Emotional intelligence scale definitions

Intrapersonal subscales


The ability to respect and accept yourself as basically good; feelings of security, self confidence, self-assuredness, inner strength. The ability to appreciate your perceived positive aspects and possibilities as well as accepting limitations; knowing your strengths and weaknesses and liking yourself “warts and all”.

Emotional self-awareness

The ability to recognise one’s own feelings and emotions, to differentiate between them, to know what you are feeling and why, to realistically appraise what caused the feeling. The ability to recognise the impact your feelings have on others around you.


The ability to express feelings, beliefs or thoughts openly; to stand up for personal rights without being aggressive or abusive. The ability to voice opinions, disagree and take a stand when needed; to accept and express feelings such as anger and warmth.


The ability to be self-directed and self-controlled in thinking and actions; self-reliant in planning and decision-making but with an ability to consult with others; ability to function autonomously versus needing protection or support; inner strength and confidence.


The ability to realise your potential capabilities, having an ongoing process of striving towards the maximum development of your abilities and talents and persistently trying to do your best and improve yourself in general. Being pleased with the location you find yourself at on life’s highway with respect to your personal, occupational and financial destinations.

Interpersonal subscales


The ability to be aware of, understand and appreciate the feelings of others; being able to emotionally read other people and pick up on social cues; ability to care and show concern for others. The ability to non-judgementally put into words your understanding of the other person’s perspective even if you don’t agree with it.

Social responsibility

The ability to demonstrate you are a cooperative, contributing and constructive member of your social group, acting responsibly for the group even though you might not benefit personally. Having a social consciousness and a basic concern for others; ability to do things for and with others.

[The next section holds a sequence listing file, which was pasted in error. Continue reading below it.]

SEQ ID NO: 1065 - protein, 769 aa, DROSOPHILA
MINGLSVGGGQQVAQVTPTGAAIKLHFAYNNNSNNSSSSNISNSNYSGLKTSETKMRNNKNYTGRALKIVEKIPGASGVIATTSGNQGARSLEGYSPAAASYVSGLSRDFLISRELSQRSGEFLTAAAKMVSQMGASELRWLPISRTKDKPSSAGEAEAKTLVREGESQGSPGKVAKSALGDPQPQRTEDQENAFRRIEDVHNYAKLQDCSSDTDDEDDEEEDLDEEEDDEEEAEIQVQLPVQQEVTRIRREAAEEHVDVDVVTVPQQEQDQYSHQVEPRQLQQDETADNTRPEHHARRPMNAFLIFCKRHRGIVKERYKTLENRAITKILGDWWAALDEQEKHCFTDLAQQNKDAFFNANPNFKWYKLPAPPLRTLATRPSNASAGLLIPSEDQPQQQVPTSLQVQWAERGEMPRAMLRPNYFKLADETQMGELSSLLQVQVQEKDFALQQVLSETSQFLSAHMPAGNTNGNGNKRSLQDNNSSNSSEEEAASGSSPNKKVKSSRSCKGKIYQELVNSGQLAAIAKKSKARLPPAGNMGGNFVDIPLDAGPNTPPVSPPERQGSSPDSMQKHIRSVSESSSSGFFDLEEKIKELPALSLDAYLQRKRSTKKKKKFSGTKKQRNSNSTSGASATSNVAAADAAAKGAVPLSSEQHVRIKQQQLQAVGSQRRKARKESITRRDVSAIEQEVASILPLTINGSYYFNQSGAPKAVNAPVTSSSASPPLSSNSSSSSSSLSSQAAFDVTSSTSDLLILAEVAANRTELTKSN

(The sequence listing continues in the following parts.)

Interpersonal relationship

The ability to establish and maintain mutually satisfying relationships, having meaningful social interchanges that are potentially rewarding and enjoyable and characterised by give and take. The ability to feel at ease and comfortable in social relations.

Adaptability subscales

Reality testing

The ability to look at situations objectively, searching for objective evidence to confirm, justify and support feelings and perceptions; ability to assess the correspondence between what’s experienced and what objectively exists. The capacity to see things the way they are rather than the way we wish or fear them to be, tuning into the immediate situation and keeping things in perspective.


The ability to adjust your emotions, thoughts and behaviour to changing situations and conditions; overall ability to adapt to unfamiliar, unpredictable and dynamic circumstances; open and tolerant to new ideas, able to change mind when evidence suggests you are mistaken. The ability to react to change without rigidity and take advantage of new opportunities.

Problem solving

The ability to identify and define problems and generate and implement solutions; sensing a problem and being confident and motivated to tackle it; generating multiple solutions; making a decision to implement one of the solutions. A desire to do your best and confront problems rather than avoid them.

Stress management subscales

Stress tolerance

The ability to withstand adverse events and stressful situations without falling apart; the capacity to choose courses of action for coping with stress; optimistic disposition towards overcoming problems; belief that one can control and influence the situation.

Impulse control

The ability to resist or delay an impulse, drive or temptation to act; being composed, identifying your angry and aggressive impulses but controlling aggression, hostility and irresponsible behaviour.

General mood subscales


The ability to look at the brighter side of life and maintain a positive attitude, even in the face of adversity; a measure of hope in your approach to life; a positive approach to daily living.


The ability to feel satisfied with your life, to enjoy yourself and others and have fun; associated with general feelings of cheerfulness and enthusiasm; barometric indicator of your overall degree of emotional functioning.